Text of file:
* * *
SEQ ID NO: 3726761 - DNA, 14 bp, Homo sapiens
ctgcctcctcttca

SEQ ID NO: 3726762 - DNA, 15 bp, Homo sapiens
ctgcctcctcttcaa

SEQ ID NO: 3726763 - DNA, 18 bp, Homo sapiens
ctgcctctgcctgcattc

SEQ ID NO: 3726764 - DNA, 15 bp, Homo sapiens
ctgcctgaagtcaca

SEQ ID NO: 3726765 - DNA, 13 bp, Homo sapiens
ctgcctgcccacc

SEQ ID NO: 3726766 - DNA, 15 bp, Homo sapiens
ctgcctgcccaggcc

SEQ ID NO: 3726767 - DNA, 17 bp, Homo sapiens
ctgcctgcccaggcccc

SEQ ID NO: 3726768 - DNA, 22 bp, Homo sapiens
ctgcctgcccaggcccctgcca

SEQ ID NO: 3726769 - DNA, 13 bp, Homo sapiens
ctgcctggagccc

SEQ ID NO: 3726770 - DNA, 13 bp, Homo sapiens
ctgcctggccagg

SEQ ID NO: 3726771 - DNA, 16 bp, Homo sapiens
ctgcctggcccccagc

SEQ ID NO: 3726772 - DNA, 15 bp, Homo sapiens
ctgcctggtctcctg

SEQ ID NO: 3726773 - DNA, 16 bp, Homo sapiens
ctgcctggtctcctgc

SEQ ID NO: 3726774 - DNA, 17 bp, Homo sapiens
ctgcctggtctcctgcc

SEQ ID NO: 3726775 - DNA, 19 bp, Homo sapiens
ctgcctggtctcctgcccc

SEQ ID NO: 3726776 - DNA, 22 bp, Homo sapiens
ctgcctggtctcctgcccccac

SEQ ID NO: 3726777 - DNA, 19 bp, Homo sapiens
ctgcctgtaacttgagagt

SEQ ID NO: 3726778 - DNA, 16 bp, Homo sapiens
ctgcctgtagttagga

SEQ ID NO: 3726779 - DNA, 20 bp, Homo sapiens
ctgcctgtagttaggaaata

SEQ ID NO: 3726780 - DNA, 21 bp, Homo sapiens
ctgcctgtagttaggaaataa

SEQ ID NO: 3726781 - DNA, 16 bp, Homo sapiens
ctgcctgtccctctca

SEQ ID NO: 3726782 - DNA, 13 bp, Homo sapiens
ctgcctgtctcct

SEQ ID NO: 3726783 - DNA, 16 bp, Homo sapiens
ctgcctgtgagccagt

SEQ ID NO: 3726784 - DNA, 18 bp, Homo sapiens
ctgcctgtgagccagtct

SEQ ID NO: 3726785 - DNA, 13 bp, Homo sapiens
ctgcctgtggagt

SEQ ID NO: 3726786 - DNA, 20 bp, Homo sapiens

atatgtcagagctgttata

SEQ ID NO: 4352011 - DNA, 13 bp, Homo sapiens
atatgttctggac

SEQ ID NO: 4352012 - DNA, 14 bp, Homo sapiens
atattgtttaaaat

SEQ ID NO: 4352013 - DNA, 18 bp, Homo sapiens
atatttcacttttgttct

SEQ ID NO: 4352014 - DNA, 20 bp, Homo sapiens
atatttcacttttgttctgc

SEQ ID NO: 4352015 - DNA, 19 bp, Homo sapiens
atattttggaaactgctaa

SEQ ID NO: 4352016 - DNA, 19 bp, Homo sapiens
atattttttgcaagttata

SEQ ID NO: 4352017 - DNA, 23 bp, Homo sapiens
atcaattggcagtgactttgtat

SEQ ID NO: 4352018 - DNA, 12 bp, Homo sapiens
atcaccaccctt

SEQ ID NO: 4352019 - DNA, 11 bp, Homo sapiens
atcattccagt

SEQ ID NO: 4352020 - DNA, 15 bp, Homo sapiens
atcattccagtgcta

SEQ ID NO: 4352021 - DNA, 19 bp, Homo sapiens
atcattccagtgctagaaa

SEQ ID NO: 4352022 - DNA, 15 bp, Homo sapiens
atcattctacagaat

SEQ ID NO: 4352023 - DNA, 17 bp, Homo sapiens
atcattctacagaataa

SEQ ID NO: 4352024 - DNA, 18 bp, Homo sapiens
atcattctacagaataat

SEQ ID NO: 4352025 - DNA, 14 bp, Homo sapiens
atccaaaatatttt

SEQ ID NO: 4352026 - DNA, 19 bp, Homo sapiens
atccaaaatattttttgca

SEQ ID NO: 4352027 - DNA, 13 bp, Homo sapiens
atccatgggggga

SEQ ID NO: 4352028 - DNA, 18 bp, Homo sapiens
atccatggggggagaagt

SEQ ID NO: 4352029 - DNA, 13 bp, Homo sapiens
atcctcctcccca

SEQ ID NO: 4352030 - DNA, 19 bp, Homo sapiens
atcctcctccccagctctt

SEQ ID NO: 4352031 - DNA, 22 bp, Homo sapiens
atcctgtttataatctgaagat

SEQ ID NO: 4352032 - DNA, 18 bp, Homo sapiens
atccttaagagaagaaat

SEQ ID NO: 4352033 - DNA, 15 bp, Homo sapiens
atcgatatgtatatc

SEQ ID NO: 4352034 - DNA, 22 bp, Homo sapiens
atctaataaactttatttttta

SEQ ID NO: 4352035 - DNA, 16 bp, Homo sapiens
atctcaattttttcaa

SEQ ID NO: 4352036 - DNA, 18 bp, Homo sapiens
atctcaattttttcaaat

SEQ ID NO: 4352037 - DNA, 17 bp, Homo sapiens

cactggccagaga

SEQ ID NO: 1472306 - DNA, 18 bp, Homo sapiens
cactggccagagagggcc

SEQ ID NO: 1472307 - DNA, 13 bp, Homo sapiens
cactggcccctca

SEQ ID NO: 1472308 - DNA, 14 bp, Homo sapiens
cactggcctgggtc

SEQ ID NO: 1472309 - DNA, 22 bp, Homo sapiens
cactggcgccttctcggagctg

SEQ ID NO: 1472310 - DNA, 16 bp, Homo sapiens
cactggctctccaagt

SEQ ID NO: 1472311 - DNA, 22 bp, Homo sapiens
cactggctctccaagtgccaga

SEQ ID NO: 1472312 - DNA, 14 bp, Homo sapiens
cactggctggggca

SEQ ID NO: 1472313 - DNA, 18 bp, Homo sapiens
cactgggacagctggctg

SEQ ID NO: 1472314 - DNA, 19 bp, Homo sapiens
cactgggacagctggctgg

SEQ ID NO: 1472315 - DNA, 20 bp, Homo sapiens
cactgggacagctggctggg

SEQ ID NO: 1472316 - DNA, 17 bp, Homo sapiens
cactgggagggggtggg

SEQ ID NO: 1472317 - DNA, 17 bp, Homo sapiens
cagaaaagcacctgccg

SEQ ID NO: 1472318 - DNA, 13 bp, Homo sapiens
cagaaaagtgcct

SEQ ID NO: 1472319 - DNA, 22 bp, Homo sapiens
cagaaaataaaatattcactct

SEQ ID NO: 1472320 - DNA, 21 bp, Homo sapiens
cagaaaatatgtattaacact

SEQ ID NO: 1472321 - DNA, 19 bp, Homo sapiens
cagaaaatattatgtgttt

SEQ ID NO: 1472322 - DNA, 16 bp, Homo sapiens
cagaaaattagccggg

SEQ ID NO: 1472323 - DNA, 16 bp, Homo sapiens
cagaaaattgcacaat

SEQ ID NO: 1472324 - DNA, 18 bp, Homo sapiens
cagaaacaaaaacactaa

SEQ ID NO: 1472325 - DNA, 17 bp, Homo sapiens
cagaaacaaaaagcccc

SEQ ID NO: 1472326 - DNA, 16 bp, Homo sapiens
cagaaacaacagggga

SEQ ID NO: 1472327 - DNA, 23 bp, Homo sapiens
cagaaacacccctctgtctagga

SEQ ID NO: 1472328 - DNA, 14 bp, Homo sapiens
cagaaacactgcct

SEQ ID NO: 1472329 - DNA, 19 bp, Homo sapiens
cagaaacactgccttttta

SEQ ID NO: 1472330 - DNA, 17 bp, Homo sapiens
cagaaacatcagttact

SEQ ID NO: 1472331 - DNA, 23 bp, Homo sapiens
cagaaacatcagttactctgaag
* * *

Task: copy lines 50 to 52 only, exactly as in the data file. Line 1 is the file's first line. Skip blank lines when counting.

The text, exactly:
ctgcctgtggagt

SEQ ID NO: 3726786 - DNA, 20 bp, Homo sapiens

atatgtcagagctgttata